Public schools transitioning through lots of bumps as difficult year winds down

By Josh Resnek

My wife is a teacher at a middle school in the North Shore. We have a close friend who just retired after teaching 20 years as an ESL (English as a second language) at a Lynn high school. Our coverage of the Everett Public Schools and and the School Committee over time has given us insight into the ups and downs of public school education here.

Marker denoting the year Everett High School was built.

All of us know teachers in the system while many of us have children who have attended public schools, and then there is the experience we had many years ago in public school when our nation and out cities and towns were far different places than they are today.

For many years the Leader Herald has known and interviewed or written about administrators, teachers and students who either worked for or who attended the EPS.

We continue the coverage.

As this school year comes to an end, there lingers among everyone involved with public school education the belief that this was difficult year to be followed by a difficult year.

What is the difficulty?

Those involved in public school education share the collective belief that the COVID-19 pandemic and the closure of the public schools for such a long period has deeply changed, for a while, the trajectory of the arc of public school education here and everywhere in Massachusetts and across the nation.

The interruption of in class education for so long a period disrupted much about public school education. Since the return to classroom instruction, major difficulties have popped up and are being dealt with as best as possible.

School kids have found it difficult to bridge the gap left by so long a period without classroom instruction.

Socialization has been stunted among those public school students who missed out on more than a year of classroom and school building friendships, and sports, and competitions.

We are reminded of the difficulties of returning to normal by a bit that was in the news earlier this week.

A pro baseball pitcher was hit in the head by a line drive baseball traveling over 92 miles an hour.

That incident caused the major league pitcher to be taken from the game a bit bewildered. He was examined and shown to have a concussion.

Recovering from the concussion is easy. He needs rest.

But recovering from the shock of being hit the head with a baseball flying 92 mph will not leave his consciousness for many years and could have an effect on his performance and for years to come.

The return to the classroom instruction of public school students deprived of it has been fraught with difficulties that are reverberating today as teachers try to control their classrooms.

There is a lack of self-control shared among students, to teachers leaving the profession because of frustration and dissatisfaction, to many position openings that cannot be filled, to restrictions placed on administering the schools by serious fiscal challenges, and by the difficult politics caused by the changing times.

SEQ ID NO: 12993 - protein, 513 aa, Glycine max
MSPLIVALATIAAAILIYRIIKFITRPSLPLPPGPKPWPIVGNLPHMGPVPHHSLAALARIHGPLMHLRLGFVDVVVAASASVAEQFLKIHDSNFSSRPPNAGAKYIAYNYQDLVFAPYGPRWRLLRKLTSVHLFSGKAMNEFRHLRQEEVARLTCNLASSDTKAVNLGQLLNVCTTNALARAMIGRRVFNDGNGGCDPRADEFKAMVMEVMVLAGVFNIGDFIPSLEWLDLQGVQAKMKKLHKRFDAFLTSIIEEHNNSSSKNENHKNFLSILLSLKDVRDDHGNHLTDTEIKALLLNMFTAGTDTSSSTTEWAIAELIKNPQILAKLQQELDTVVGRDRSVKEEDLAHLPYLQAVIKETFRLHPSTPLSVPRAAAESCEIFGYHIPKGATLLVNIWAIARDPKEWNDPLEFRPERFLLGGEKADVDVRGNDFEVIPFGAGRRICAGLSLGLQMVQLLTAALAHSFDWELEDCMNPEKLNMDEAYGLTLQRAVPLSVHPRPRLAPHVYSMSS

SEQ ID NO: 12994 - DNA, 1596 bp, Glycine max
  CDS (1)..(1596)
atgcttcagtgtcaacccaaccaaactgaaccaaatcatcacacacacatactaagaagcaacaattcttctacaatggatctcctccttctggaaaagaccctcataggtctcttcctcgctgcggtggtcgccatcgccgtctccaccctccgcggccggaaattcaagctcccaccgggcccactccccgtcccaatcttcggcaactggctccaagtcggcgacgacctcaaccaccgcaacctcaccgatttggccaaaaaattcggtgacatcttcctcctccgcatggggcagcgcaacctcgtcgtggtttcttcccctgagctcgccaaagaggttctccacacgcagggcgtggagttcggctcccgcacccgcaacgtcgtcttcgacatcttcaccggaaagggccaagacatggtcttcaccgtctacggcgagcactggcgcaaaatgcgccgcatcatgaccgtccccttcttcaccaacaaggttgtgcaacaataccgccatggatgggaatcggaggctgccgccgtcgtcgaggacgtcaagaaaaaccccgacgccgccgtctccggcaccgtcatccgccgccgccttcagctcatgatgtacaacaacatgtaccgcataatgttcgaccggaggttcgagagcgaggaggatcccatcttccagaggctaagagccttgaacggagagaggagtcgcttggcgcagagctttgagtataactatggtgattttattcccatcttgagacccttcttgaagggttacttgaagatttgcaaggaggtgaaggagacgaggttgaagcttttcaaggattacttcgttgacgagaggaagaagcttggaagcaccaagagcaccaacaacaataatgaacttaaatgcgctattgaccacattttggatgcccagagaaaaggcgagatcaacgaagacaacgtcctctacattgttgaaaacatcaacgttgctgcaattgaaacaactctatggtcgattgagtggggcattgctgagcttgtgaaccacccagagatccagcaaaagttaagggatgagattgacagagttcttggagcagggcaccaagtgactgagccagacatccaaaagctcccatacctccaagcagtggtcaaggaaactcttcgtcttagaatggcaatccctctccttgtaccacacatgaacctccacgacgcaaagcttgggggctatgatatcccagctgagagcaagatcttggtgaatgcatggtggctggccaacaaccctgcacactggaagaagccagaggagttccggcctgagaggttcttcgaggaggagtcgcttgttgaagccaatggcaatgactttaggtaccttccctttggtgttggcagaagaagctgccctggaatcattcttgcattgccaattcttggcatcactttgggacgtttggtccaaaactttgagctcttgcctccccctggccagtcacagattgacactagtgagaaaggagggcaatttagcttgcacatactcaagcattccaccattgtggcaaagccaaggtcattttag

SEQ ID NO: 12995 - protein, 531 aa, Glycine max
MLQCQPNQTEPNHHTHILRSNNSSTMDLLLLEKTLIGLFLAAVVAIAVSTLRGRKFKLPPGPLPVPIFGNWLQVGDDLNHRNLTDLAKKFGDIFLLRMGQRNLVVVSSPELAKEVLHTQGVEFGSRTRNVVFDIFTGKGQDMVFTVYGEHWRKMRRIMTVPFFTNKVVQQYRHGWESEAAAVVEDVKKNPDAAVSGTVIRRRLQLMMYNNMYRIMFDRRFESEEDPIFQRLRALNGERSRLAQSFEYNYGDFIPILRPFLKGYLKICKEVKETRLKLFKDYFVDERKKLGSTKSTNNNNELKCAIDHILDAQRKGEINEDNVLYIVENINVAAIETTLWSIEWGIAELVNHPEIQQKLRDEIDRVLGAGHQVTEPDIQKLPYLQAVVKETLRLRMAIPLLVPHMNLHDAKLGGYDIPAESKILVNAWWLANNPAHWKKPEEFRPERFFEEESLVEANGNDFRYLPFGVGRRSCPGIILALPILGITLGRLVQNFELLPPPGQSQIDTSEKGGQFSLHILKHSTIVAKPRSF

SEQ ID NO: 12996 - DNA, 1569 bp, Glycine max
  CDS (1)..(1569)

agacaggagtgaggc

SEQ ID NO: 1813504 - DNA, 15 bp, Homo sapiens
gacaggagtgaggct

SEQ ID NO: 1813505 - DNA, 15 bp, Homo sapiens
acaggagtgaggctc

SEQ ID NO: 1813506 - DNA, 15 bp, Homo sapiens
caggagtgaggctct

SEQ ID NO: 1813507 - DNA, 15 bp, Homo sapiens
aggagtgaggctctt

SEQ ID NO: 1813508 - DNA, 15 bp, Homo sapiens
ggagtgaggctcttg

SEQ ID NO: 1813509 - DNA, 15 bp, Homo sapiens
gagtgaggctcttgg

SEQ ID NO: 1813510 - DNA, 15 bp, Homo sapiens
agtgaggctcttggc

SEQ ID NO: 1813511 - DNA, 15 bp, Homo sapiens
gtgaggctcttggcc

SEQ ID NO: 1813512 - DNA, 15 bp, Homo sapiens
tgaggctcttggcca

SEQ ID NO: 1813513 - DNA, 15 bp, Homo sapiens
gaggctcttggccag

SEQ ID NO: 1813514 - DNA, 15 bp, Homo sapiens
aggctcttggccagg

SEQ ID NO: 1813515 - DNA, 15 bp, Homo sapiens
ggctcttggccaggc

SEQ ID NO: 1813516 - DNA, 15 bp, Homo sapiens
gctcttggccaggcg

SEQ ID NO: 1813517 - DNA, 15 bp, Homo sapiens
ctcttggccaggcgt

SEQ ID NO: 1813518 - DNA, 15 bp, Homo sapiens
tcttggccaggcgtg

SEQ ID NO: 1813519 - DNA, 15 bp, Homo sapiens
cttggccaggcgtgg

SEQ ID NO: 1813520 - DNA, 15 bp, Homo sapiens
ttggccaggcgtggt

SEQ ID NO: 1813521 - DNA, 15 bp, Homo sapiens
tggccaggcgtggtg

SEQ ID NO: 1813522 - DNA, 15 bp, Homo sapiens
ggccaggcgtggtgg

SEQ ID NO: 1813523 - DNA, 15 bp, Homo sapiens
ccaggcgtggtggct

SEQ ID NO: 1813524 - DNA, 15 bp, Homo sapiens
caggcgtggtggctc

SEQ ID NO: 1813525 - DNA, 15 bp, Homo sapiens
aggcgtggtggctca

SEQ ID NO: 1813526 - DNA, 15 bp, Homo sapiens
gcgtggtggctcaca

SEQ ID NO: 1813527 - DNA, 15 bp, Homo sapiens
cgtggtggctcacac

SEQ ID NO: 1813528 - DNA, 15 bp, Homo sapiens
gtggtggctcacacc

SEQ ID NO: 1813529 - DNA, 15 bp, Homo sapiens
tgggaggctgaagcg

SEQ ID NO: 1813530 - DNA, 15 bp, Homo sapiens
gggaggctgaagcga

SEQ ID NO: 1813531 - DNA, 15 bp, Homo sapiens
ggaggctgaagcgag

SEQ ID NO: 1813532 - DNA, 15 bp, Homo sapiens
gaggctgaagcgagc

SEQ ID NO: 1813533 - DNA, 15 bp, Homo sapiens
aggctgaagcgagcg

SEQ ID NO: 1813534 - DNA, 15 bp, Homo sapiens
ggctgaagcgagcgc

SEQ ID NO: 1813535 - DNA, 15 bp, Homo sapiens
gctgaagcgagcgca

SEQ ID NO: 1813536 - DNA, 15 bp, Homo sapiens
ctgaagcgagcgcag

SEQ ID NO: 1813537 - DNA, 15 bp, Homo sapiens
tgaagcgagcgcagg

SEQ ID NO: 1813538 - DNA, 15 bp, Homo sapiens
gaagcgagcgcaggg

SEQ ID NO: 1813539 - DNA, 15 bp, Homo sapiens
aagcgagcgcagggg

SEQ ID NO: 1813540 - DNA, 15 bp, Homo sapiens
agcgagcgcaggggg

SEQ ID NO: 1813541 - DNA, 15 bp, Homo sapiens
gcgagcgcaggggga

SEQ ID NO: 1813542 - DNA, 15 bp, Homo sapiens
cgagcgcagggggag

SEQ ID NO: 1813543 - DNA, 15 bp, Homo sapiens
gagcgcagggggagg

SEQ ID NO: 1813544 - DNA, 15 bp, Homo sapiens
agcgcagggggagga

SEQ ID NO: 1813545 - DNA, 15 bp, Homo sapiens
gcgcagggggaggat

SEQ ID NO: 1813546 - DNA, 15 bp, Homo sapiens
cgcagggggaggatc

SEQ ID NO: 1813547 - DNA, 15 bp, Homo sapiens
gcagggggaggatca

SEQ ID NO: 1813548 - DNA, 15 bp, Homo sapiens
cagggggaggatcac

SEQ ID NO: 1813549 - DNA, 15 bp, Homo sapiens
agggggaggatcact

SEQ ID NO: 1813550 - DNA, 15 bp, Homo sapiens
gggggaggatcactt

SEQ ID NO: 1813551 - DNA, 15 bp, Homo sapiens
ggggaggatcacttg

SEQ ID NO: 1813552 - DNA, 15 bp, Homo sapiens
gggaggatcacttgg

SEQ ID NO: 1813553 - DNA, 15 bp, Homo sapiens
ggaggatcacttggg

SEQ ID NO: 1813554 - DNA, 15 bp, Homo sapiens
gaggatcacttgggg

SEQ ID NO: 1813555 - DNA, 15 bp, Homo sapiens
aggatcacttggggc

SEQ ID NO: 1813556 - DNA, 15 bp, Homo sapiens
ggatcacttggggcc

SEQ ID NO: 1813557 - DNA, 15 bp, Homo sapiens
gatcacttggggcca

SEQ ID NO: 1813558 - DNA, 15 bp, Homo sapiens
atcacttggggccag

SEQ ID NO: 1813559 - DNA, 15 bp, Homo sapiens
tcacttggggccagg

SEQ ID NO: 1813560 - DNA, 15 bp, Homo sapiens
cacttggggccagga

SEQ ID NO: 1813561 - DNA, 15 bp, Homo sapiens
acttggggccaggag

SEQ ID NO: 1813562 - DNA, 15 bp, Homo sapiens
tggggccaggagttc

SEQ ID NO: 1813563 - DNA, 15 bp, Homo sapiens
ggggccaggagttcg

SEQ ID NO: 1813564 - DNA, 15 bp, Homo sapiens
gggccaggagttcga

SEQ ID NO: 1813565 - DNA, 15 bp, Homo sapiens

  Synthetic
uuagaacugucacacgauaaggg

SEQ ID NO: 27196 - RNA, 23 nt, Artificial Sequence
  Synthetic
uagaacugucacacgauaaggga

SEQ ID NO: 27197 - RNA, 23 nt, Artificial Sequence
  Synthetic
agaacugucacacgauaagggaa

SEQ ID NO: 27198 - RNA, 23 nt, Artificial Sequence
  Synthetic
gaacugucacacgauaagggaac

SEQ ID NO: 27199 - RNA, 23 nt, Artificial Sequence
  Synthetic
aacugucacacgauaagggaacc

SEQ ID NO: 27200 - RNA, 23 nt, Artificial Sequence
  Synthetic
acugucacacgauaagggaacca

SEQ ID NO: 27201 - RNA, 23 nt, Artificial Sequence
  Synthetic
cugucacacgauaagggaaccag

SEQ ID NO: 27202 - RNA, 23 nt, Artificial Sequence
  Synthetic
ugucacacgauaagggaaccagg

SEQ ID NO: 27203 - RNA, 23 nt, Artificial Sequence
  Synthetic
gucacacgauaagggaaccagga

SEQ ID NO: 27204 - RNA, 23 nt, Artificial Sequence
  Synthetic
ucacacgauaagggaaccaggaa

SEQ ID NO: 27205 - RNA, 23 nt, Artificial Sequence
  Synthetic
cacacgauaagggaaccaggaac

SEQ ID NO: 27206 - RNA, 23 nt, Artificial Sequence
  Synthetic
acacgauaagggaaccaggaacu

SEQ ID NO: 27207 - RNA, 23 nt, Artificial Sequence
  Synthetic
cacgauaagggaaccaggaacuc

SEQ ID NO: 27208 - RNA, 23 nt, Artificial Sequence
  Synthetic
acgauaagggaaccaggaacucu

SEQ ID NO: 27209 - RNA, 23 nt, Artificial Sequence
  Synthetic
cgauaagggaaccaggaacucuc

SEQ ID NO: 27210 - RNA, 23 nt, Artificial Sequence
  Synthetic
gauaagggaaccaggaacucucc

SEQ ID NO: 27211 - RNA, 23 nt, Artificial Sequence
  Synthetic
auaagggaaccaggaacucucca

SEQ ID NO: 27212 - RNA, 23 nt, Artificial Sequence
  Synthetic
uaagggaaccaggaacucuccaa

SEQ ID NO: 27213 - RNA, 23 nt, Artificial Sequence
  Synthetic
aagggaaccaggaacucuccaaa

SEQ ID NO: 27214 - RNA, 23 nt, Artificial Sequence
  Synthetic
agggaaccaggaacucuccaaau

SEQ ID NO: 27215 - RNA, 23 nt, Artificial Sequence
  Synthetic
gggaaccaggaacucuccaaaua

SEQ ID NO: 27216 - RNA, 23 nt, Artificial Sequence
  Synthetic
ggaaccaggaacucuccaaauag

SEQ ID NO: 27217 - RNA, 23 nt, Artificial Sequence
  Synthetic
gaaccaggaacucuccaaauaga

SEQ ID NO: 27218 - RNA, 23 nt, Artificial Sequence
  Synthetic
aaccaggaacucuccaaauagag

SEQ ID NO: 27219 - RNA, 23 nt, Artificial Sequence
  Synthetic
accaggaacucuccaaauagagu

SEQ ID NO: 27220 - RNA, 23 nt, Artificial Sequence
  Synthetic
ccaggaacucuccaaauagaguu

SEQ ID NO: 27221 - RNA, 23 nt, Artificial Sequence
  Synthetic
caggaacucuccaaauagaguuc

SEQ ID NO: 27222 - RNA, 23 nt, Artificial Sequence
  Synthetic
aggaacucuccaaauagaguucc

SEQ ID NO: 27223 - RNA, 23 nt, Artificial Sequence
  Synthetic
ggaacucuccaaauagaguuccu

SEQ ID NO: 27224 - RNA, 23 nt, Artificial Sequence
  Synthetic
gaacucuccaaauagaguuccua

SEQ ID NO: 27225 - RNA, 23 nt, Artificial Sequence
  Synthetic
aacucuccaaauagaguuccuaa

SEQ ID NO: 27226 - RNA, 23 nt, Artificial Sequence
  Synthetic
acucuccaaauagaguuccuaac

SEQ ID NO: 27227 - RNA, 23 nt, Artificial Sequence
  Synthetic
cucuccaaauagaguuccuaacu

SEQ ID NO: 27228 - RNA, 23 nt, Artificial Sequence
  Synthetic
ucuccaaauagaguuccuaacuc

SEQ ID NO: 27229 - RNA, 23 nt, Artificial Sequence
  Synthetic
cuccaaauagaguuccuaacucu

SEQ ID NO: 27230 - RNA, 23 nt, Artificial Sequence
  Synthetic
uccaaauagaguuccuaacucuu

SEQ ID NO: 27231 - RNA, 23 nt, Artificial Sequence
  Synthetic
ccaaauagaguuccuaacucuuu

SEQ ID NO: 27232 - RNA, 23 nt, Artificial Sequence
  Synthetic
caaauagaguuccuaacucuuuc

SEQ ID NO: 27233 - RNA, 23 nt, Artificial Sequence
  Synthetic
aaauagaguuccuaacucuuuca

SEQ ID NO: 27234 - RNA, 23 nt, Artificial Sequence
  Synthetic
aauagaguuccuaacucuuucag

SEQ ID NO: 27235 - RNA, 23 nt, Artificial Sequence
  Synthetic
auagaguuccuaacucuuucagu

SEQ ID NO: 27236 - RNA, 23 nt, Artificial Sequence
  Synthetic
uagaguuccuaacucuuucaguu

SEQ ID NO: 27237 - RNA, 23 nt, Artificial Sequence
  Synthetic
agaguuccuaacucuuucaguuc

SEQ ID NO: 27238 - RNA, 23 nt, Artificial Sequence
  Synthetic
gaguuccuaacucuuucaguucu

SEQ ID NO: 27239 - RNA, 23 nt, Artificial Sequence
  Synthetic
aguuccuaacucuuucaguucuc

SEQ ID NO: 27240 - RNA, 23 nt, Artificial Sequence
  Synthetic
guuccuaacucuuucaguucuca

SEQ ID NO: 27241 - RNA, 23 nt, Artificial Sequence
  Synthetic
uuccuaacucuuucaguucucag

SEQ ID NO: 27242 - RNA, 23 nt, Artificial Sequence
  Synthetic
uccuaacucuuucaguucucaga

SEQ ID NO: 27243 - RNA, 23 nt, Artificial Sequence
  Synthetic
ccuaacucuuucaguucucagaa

Everett High School. (Photo by Joe Resnek)

In Everett, as in other Gateway city school systems, there is the need for more space. Overcrowding remains a problem.

Also, what serves best the student body at large remains a critical question.

In other words, the needs of public school students to be met so they can enter society is evolving.

The cost for four-year college educations and the need for many students to achieve proficiency in ways so they can support themselves when they enter adult society is the biggest game changer.

There is the belief that college does not help or fit for all public school children when developing a trade skill might leave many students struggling to find a place for themselves better off.

This is a great part of the local debate now taking shape and form about the new high school that is needed.

That new facility now being planned for – a struggle in itself – will cost $500 million – $600 million when all is said and done.

Exactly what that new facility will offer is a work in progress.

How it will be paid for is another key element.

There is the widely shared belief that the new high school, when and if it is ever built, should have a major component offering education geared towards the trades for those students who would benefit more from that type of education than attending college.

In 2007, when the new high school (which is not new anymore) was built, there was no such debate.

It’s impossible to imagine that in just 16 years, the Everett High School os overcrowded and limited in what it can do for the students passing through the system in order for them to gain an edge in their lives when it comes time to go out and earn a living.

The dream of a new high school is spot on.

The belief training many kids in the trades can change the course of economic history in Gateway cities is a progressive thought.

The reality right now is that everything about public school education is tougher than ever before…with the future appearing more difficult and complicated and expensive as this school year passes into the history books.

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